According to the Center for Disease Control and Prevention (CDC), heart disease is the number one killer in American women. Recent data shows that 25% of women who died in a given year died due to heart disease. Almost two-thirds of women who died suddenly of coronary heart disease never even reported their previous symptoms to their doctor.
The problem is that when most of us think of heart attacks, we think of crushing, horrible, stabbing chest pain as the telltale symptom. But that’s not always what occurs in women and even in some men. The symptoms in a woman can be a lot less extreme or dramatic than what you see in men. Women might ignore the symptoms and may not recognize it as a true heart attack. For instance, there have been reports of women who had heart attacks but thought it was back pain or food poisoning.†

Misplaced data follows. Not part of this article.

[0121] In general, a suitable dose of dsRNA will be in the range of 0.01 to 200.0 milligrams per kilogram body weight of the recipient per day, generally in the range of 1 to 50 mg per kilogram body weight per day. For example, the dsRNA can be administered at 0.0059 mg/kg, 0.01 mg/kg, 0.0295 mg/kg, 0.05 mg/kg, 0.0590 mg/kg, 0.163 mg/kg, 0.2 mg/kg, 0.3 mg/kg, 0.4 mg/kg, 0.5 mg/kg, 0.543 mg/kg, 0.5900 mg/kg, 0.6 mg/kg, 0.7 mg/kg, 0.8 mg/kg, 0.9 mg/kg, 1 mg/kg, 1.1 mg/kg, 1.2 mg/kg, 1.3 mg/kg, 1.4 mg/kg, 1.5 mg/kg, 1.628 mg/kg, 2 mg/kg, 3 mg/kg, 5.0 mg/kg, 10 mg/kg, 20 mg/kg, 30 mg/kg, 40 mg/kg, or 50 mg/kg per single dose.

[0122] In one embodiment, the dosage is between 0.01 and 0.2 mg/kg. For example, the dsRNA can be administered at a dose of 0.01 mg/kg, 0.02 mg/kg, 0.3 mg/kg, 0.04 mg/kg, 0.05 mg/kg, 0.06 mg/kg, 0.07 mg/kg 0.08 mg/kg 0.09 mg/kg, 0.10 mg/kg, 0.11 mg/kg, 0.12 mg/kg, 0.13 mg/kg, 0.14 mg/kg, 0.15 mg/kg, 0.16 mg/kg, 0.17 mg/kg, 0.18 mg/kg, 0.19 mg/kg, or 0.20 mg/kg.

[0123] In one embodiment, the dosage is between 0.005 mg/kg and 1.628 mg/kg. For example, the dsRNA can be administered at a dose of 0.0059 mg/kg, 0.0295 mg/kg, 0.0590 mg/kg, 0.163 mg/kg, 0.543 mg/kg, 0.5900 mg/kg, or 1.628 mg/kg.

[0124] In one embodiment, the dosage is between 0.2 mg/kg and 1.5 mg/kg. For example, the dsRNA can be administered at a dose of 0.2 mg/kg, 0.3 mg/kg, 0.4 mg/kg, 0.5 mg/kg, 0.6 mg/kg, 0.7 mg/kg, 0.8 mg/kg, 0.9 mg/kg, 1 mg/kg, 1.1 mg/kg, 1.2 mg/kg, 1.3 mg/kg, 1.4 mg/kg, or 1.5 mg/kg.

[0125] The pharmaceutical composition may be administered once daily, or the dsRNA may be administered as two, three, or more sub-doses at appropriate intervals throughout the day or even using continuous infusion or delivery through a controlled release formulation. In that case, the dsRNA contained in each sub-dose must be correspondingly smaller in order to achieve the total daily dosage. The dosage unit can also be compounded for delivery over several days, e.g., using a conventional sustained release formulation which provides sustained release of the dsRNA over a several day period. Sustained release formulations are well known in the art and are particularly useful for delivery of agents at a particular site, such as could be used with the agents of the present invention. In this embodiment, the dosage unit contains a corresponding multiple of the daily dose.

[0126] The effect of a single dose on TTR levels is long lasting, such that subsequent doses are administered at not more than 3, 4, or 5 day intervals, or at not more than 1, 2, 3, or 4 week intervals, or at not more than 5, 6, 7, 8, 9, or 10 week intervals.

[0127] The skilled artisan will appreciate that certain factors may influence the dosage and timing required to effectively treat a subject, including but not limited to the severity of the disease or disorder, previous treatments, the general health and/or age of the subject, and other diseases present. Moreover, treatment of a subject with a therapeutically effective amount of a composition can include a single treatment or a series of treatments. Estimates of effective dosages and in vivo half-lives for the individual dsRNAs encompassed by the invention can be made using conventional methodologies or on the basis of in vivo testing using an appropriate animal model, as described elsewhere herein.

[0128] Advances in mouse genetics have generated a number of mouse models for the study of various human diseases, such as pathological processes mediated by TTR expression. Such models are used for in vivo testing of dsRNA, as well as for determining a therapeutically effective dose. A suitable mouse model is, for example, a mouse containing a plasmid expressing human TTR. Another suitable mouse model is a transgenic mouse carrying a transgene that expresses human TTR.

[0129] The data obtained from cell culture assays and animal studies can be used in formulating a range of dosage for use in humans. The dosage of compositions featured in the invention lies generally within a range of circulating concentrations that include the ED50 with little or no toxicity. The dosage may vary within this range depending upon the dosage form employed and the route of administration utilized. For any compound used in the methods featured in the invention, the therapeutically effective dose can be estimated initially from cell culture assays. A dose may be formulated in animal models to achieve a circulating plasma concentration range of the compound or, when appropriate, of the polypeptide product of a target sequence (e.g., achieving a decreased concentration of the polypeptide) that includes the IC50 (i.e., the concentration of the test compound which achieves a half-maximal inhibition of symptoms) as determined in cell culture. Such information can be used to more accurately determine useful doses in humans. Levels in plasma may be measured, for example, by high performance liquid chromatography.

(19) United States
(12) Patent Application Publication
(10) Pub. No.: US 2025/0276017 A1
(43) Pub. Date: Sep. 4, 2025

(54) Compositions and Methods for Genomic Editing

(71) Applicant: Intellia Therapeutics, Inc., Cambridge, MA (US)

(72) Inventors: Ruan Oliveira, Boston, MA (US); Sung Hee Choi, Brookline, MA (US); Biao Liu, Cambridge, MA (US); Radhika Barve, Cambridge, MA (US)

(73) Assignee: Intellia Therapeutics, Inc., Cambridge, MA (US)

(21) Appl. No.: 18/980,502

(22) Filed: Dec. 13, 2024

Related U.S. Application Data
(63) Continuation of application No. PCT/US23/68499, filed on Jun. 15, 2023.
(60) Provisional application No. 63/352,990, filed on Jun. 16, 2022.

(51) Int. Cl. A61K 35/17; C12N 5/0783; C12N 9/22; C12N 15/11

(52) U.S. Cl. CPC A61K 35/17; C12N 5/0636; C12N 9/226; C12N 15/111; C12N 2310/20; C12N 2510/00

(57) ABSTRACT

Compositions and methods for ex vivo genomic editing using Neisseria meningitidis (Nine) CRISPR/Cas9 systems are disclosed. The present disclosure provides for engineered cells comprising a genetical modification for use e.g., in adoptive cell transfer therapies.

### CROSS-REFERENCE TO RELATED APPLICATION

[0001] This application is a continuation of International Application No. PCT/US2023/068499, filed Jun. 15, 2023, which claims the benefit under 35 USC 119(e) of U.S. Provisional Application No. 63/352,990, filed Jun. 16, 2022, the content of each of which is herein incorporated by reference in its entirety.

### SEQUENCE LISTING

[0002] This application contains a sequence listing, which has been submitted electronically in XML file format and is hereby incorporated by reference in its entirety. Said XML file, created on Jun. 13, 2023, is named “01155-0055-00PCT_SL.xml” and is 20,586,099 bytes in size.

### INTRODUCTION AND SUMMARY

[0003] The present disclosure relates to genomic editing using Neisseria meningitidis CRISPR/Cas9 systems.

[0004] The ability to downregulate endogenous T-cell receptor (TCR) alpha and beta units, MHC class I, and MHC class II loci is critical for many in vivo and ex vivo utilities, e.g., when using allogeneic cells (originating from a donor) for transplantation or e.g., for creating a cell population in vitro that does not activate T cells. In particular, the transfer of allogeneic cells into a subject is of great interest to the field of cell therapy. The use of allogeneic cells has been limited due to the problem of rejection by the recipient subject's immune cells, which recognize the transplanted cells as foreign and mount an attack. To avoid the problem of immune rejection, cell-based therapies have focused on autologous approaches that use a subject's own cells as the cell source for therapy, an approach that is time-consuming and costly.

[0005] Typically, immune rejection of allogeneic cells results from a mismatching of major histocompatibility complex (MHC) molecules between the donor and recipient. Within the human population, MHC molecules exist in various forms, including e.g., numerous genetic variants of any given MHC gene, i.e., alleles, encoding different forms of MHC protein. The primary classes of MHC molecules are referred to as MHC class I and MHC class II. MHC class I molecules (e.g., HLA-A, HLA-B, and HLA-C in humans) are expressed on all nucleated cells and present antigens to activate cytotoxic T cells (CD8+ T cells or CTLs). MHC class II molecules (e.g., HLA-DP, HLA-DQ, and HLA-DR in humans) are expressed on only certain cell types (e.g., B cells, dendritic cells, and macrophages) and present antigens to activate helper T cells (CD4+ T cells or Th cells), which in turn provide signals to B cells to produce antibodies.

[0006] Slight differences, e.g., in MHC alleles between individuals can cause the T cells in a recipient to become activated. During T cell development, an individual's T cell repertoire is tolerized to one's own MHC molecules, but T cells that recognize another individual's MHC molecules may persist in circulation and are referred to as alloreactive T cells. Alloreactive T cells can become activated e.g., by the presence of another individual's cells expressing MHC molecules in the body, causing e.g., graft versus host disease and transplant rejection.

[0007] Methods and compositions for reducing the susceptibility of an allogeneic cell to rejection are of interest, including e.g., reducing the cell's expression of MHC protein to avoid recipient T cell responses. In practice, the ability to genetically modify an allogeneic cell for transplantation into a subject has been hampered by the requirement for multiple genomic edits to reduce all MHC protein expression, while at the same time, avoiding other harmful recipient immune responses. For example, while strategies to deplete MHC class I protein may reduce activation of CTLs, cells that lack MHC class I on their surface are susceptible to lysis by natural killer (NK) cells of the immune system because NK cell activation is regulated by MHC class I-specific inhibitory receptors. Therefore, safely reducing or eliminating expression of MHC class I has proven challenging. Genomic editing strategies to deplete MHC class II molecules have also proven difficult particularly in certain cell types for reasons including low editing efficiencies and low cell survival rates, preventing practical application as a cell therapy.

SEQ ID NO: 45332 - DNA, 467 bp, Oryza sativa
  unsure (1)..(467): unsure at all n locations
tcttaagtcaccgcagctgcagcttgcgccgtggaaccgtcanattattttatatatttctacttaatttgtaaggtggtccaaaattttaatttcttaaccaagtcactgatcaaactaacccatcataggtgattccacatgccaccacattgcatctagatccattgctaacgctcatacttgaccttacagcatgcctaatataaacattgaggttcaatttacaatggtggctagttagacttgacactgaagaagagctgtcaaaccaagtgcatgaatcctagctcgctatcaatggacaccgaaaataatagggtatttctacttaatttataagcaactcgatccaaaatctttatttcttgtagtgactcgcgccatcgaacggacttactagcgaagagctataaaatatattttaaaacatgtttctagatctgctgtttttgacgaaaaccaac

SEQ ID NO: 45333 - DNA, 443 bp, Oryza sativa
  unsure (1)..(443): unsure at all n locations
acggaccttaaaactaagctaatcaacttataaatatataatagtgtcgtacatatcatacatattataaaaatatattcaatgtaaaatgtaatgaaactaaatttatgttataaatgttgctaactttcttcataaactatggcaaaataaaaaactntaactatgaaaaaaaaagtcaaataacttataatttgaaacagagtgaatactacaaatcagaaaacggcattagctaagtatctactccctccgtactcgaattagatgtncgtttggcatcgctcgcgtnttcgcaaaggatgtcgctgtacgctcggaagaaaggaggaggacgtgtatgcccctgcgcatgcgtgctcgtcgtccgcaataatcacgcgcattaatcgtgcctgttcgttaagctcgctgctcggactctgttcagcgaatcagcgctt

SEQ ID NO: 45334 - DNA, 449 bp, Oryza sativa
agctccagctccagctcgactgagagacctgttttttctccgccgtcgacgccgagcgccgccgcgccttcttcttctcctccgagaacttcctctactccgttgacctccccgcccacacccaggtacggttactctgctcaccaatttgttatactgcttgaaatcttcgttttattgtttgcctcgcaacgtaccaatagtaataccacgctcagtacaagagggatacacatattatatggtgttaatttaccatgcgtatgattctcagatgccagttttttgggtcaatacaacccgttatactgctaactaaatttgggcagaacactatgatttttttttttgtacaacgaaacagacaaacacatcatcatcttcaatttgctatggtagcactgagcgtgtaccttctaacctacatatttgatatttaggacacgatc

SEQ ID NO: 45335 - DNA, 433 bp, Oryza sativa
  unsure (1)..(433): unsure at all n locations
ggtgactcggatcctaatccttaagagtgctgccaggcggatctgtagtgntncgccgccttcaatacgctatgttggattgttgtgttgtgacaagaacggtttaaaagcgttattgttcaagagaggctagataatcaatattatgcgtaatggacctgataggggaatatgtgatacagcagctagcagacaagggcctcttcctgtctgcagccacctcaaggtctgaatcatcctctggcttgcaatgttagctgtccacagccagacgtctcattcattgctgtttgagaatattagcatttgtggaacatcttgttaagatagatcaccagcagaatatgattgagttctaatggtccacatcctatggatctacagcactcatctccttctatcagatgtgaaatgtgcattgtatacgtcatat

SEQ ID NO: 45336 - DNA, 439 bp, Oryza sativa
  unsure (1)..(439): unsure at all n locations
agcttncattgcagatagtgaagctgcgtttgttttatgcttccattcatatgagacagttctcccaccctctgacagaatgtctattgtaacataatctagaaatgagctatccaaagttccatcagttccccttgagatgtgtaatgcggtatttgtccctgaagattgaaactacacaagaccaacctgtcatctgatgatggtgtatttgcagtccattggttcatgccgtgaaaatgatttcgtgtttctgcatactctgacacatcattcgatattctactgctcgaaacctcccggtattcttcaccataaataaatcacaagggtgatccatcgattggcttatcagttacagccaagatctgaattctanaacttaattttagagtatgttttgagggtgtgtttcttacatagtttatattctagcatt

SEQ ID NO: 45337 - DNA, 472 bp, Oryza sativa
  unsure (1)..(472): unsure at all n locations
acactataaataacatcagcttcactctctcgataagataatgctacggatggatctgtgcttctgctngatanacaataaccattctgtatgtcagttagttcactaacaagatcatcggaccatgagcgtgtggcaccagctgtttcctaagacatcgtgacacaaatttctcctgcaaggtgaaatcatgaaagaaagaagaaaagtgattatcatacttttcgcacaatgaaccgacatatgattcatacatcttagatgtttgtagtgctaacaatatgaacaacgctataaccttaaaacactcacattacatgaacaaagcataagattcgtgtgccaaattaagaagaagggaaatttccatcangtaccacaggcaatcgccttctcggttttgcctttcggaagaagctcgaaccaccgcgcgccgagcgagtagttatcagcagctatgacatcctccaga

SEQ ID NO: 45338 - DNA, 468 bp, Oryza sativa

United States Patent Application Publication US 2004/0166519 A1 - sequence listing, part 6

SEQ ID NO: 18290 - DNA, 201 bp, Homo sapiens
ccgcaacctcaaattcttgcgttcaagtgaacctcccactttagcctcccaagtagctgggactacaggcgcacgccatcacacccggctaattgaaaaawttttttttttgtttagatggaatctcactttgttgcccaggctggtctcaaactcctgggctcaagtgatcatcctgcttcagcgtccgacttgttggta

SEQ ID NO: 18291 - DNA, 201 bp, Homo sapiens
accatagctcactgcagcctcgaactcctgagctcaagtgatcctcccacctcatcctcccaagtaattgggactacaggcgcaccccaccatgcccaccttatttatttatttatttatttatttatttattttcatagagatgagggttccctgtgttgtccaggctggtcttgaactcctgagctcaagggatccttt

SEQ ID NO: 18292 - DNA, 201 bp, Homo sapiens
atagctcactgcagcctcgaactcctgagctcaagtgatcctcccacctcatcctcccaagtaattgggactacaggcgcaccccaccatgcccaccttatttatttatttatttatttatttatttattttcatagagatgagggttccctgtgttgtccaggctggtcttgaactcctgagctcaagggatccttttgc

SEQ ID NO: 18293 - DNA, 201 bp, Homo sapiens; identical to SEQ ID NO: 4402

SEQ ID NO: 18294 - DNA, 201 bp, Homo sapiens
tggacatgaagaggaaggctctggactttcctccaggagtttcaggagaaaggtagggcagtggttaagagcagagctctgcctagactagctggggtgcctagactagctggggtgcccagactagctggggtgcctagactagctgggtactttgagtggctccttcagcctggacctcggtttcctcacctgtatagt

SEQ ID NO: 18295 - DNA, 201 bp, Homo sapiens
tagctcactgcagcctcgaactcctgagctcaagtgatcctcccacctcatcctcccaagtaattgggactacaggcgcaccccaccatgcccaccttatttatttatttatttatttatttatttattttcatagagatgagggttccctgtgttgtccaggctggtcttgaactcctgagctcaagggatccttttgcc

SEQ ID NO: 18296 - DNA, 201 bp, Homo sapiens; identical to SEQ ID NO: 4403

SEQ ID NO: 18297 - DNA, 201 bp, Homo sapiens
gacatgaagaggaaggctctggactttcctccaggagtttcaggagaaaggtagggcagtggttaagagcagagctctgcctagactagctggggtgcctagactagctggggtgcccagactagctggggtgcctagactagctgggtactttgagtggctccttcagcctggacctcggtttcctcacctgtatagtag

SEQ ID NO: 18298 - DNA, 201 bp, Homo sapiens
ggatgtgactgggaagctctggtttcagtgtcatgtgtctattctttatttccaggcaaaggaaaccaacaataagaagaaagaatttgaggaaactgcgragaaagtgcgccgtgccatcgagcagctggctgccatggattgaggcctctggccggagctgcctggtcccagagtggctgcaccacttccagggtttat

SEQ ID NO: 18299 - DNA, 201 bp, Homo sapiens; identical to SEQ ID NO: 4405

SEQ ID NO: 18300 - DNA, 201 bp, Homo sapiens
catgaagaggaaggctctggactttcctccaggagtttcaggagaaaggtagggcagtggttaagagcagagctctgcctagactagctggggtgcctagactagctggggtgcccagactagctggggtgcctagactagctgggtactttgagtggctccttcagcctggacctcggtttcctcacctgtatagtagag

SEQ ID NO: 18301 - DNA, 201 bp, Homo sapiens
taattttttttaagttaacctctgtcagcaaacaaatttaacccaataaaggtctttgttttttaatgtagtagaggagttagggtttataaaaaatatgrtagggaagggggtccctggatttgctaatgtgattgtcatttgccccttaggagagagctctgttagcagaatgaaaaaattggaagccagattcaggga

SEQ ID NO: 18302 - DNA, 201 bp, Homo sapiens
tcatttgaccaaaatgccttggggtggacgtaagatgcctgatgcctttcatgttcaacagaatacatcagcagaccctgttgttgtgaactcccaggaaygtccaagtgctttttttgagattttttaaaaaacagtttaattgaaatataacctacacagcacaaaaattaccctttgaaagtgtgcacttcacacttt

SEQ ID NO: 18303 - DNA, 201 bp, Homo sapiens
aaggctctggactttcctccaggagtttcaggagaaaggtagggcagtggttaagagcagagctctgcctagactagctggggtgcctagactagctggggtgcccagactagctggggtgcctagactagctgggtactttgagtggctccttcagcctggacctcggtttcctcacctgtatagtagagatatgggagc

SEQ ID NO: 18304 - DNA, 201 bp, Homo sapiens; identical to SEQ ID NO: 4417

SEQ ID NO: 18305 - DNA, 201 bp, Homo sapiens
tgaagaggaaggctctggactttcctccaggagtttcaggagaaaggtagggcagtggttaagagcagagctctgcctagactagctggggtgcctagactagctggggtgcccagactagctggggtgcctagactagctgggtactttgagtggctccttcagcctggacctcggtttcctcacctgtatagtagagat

I’m going to share some common heart attack symptoms in women. If you get them, you really should not be embarrassed to go to the emergency room. If you wait too long, it becomes really dangerous. If you’re at home and you have symptoms when you’re sitting on the couch, you need to call an ambulance.†
Obviously, everybody knows about chest pain. It could be pain, tightness, pressure or squeezing in the chest. It is really the most common symptom among both women and men. It’s not always a really sharp or stabbing pain, especially in women. They’re more likely to feel tightness or a buildup of pressure in the chest. The pain may also begin to go into your jaw, arm, shoulder, neck or back. Any kind of pain you get suddenly that’s above your waist, consider that it could be your heart. That’s an important clue.†